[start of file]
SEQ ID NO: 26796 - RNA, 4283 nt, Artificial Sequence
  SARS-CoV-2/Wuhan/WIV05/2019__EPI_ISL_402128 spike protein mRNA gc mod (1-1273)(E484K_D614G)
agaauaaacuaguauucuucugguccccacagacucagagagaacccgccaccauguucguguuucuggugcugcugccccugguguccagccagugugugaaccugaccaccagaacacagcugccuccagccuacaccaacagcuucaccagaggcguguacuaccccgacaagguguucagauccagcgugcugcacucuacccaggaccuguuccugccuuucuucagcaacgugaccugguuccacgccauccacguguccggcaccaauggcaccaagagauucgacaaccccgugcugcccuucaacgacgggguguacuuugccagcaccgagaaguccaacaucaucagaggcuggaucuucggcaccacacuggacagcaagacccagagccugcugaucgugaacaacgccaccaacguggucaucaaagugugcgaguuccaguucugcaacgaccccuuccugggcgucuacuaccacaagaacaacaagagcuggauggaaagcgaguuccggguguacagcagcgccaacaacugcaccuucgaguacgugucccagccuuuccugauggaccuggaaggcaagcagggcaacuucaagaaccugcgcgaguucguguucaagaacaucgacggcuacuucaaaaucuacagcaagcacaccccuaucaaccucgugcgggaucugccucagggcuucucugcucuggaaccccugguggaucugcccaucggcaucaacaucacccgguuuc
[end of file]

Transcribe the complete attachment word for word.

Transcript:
SEQ ID NO: 26796 - RNA, 4283 nt, Artificial Sequence
  SARS-CoV-2/Wuhan/WIV05/2019__EPI_ISL_402128 spike protein mRNA gc mod (1-1273)(E484K_D614G)
agaauaaacuaguauucuucugguccccacagacucagagagaacccgccaccauguucguguuucuggugcugcugccccugguguccagccagugugugaaccugaccaccagaacacagcugccuccagccuacaccaacagcuucaccagaggcguguacuaccccgacaagguguucagauccagcgugcugcacucuacccaggaccuguuccugccuuucuucagcaacgugaccugguuccacgccauccacguguccggcaccaauggcaccaagagauucgacaaccccgugcugcccuucaacgacgggguguacuuugccagcaccgagaaguccaacaucaucagaggcuggaucuucggcaccacacuggacagcaagacccagagccugcugaucgugaacaacgccaccaacguggucaucaaagugugcgaguuccaguucugcaacgaccccuuccugggcgucuacuaccacaagaacaacaagagcuggauggaaagcgaguuccggguguacagcagcgccaacaacugcaccuucgaguacgugucccagccuuuccugauggaccuggaaggcaagcagggcaacuucaagaaccugcgcgaguucguguucaagaacaucgacggcuacuucaaaaucuacagcaagcacaccccuaucaaccucgugcgggaucugccucagggcuucucugcucuggaaccccugguggaucugcccaucggcaucaacaucacccgguuuc